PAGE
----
People should never, under any circumstances, post personal information like social security numbers, telephone numbers or their address on a profile. This makes them easy targets for phishers, scammers and identity thieves.

   Don’t ever share passwords with anyone: not best friends, boyfriends or girlfriends. There have been cases where the relationship has gone sour and people have gotten revenge through a Myspace or Facebook profile, by posing as the person with whom they have a grudge.

   Let your kids know that the computer keeps a record of online exchanges and where they originate from on the hard drive—even though it looks as if the message “disappears.” Tell your child that they should use the same language online that they would in face-to-face communication. They should never say anything rash or threatening because the emails and instant messages can be downloaded and the child can get into real trouble.

   Teens need to know that they can’t assume everyone online is who they say they are. They should always report any inappropriate material or conversations immediately to their parents and to the social networking site.

Navigating A How-to Guide for Parents

Myspace bills itself as “the place for friends.” While most of the activity that takes place on the website is harmless, many teens are using it as a place to fill a void, feel popular, and hook-up with other users, called “friends.”’s privacy policy states: “MySpace members can view each others' profiles, communicate with old friends and meet new friends on the service, share photos, post journals and comments, and describe their interests…users' full names are never directly revealed to other members.” To better understand how the website and others like it work, take a virtual tour and familiarize yourself with its features as soon as possible. Here are the simple steps for getting onto Myspace, creating a profile, and searching for “friends’” profiles:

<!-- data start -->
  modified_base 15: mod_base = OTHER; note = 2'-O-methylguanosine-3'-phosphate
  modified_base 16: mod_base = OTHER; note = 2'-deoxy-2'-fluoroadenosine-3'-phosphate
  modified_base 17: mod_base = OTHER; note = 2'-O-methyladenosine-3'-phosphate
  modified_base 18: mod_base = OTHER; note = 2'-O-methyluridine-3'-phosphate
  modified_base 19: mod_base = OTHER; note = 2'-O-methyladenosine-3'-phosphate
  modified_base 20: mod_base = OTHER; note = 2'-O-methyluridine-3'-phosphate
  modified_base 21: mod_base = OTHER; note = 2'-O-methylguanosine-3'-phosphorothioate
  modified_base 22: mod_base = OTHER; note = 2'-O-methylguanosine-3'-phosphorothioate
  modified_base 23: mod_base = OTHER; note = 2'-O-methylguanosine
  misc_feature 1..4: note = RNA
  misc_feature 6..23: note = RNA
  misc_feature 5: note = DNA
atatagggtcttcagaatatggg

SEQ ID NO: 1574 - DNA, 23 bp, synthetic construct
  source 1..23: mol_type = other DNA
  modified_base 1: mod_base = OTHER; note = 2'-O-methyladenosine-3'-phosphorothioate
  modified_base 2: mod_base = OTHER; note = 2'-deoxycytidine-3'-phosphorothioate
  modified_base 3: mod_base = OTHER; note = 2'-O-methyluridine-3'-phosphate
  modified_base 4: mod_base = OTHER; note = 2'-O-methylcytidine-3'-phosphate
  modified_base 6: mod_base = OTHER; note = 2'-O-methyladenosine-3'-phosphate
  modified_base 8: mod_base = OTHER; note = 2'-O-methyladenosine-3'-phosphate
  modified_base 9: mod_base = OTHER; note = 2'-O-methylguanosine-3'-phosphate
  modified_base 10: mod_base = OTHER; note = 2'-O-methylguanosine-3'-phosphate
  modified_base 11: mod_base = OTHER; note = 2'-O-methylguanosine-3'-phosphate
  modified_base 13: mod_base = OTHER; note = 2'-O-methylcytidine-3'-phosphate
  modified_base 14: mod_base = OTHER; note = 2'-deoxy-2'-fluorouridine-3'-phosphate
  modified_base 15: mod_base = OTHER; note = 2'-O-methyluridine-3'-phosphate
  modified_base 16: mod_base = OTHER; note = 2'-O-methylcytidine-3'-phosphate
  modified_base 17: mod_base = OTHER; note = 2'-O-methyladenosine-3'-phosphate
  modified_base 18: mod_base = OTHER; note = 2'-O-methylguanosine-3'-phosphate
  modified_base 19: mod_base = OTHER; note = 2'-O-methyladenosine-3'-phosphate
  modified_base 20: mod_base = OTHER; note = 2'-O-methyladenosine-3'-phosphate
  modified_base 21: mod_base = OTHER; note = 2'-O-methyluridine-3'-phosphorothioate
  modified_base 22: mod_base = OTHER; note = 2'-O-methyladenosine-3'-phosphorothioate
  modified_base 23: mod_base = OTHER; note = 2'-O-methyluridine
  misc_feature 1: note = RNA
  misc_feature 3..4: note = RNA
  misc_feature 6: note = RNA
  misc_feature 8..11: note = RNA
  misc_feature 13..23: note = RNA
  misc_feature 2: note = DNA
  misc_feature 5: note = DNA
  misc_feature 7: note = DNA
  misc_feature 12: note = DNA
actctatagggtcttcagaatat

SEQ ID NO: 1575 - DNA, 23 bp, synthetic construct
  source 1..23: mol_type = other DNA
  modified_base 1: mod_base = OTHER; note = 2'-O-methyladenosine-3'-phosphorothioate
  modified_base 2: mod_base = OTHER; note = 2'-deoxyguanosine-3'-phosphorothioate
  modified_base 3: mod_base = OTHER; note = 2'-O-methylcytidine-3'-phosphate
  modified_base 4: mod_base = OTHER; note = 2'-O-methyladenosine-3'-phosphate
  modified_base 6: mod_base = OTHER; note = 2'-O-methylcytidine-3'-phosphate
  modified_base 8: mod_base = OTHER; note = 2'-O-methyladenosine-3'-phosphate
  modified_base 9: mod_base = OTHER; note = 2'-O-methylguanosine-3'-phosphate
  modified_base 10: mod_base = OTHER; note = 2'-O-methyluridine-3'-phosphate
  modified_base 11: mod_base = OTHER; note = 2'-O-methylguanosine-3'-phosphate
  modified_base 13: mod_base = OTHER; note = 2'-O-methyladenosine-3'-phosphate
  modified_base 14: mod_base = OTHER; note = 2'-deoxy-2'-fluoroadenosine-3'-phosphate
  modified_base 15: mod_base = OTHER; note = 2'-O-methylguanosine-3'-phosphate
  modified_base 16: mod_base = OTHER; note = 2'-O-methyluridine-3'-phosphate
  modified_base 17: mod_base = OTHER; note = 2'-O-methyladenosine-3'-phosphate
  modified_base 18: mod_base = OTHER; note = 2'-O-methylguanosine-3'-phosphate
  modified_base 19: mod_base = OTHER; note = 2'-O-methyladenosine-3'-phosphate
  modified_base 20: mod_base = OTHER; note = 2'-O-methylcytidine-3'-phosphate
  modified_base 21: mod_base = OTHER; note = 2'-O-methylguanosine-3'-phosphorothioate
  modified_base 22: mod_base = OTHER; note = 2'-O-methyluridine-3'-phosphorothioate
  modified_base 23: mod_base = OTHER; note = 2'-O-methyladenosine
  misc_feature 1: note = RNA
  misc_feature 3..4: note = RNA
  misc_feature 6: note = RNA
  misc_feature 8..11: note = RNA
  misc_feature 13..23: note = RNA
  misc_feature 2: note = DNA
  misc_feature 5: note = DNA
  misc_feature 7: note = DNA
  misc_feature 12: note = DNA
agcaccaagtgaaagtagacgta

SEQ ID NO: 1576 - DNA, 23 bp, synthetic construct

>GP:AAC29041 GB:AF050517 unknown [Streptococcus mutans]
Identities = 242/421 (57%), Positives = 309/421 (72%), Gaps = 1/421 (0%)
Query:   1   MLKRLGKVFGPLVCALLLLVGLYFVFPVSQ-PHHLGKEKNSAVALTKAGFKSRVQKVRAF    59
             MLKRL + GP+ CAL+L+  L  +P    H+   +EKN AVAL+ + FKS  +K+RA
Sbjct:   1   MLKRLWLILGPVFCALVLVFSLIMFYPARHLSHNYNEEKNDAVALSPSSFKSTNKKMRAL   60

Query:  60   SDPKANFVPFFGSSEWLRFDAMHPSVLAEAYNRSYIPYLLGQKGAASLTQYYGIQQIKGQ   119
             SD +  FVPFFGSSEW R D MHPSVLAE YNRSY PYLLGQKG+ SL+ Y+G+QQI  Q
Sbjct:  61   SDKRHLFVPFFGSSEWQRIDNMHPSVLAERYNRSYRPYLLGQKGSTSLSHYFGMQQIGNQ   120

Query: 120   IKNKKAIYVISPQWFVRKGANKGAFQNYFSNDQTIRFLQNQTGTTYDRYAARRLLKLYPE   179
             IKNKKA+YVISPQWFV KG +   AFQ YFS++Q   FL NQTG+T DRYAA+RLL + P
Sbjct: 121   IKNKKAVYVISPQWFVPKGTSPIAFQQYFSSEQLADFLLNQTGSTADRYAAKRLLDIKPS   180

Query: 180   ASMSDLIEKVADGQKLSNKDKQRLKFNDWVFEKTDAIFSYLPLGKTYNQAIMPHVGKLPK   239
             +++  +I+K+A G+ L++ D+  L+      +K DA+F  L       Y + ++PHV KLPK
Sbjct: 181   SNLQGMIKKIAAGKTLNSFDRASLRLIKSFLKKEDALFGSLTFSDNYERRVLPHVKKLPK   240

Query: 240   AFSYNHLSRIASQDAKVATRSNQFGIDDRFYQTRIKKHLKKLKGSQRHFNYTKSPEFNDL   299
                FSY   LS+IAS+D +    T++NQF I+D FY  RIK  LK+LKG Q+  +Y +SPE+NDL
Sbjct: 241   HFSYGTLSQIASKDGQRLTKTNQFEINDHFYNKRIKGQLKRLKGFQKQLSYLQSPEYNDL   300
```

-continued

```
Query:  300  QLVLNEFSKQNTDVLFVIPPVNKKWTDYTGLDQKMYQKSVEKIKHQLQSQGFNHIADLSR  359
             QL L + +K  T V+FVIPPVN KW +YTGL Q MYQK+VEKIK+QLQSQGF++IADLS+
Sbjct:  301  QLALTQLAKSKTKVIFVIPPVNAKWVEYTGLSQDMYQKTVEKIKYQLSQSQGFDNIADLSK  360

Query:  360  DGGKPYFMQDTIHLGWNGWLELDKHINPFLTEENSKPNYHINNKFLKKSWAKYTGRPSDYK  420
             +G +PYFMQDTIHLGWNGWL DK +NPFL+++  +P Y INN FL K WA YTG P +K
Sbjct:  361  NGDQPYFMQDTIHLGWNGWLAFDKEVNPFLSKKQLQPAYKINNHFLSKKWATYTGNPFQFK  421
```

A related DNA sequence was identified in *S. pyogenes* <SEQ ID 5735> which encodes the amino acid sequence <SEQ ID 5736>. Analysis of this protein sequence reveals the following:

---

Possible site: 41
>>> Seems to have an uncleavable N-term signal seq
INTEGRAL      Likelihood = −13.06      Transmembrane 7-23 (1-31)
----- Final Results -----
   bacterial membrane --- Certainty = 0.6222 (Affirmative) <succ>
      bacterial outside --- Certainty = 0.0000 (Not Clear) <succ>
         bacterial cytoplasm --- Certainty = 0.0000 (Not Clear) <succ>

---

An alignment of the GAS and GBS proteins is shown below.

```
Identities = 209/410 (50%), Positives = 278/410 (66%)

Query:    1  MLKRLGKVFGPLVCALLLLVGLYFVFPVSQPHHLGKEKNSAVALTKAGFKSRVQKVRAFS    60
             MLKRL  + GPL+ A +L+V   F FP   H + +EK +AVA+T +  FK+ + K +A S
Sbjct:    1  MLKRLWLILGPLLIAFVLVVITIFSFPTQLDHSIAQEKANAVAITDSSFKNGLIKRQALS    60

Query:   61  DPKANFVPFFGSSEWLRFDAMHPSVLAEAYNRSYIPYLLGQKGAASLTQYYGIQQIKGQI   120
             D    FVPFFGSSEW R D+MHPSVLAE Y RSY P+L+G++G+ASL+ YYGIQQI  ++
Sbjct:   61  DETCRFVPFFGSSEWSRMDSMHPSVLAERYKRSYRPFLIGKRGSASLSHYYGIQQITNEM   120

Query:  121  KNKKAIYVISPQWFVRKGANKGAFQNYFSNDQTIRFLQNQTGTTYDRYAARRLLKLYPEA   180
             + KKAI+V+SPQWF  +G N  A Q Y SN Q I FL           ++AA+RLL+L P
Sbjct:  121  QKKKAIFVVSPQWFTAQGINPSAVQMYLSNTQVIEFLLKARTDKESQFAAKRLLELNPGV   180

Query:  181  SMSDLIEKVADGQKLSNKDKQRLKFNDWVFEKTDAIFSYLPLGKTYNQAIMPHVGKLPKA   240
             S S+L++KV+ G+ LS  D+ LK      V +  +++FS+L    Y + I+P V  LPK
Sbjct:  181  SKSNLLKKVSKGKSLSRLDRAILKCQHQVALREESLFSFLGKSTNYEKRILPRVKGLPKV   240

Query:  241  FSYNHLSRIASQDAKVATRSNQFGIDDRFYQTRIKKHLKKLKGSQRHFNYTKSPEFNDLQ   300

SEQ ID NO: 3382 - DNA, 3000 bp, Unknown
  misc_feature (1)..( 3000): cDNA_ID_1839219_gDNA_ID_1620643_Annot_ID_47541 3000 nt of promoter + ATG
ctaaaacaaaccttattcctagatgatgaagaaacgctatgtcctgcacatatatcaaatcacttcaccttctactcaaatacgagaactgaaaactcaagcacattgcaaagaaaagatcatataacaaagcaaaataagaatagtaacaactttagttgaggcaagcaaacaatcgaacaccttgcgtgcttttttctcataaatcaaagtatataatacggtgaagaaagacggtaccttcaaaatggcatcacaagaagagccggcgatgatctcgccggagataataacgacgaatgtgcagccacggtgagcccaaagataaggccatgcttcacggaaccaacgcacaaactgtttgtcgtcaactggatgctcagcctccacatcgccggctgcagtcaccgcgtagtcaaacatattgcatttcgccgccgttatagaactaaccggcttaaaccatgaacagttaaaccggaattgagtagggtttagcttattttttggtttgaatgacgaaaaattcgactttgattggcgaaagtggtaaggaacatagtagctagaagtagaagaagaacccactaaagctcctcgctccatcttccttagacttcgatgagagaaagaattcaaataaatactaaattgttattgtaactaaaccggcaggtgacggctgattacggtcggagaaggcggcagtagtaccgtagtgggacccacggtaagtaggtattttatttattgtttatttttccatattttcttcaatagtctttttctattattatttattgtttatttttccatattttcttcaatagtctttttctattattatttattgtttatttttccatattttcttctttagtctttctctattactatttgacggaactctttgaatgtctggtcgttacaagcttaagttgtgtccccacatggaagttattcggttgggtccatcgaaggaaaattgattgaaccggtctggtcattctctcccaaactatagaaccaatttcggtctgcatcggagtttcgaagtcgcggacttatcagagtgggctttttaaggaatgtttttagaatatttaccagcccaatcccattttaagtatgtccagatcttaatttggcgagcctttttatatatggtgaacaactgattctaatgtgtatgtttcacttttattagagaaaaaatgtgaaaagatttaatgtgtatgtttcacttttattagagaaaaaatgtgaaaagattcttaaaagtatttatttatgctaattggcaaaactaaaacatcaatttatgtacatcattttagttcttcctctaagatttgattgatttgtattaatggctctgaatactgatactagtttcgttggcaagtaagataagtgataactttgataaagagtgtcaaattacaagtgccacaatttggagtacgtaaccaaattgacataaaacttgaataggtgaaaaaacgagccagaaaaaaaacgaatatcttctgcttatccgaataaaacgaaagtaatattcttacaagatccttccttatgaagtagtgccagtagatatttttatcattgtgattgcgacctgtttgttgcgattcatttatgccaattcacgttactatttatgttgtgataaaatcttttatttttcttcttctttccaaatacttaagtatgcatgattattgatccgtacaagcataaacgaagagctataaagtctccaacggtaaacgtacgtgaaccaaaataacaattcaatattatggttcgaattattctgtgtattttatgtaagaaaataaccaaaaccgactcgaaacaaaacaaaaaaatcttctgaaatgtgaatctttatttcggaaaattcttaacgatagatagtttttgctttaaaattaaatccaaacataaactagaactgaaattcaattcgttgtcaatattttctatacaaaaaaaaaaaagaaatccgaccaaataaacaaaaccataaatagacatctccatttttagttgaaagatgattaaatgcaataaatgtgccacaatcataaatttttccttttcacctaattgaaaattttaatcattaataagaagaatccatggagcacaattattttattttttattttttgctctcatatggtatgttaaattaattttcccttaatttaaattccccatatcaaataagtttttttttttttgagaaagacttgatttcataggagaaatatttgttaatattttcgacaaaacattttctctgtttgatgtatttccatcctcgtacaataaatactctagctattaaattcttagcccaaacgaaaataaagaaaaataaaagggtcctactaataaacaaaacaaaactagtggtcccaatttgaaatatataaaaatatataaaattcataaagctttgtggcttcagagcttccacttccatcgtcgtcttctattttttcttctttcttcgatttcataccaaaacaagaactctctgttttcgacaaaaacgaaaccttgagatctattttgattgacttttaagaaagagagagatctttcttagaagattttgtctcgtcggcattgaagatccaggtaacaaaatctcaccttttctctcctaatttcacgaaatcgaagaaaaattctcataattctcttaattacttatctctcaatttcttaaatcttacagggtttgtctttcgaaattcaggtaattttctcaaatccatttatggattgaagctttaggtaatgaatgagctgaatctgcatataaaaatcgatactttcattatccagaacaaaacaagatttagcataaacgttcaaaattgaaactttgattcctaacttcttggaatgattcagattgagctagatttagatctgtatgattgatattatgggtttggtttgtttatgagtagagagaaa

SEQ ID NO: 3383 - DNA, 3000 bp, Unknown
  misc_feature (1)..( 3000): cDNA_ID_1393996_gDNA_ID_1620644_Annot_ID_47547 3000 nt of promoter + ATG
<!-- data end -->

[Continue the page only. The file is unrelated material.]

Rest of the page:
Go to

   Click on “Sign Up” in the top right corner of the screen.

   Fill out the online form. You will need to provide an email address, first and last name, password, country, and postal code.

   To look for other profiles on the site, simply click on “Search” and type in a name. There are other ways to find people, as well. According to the website, MySpace allows users to search for other members using first and last names, email addresses, schools attended or companies where users may have worked. You can also search through the “Find a Friend” tool, which allows you to search via “display name,” which is the user’s screen name or “handle.”

If you find your child’s profile online, you need to talk with them immediately about the possible consequences of posting their personal information and photos online. Says Dr. Kaplan, “The whole idea here is to let the child know that the Internet is ‘public domain’ and that they do not have the privacy or anonymity they think they do.”

- Taken from an article by Elisabeth Wilkins, Empowering Parents Editor

How to Talk to Your Teen about Internet Safety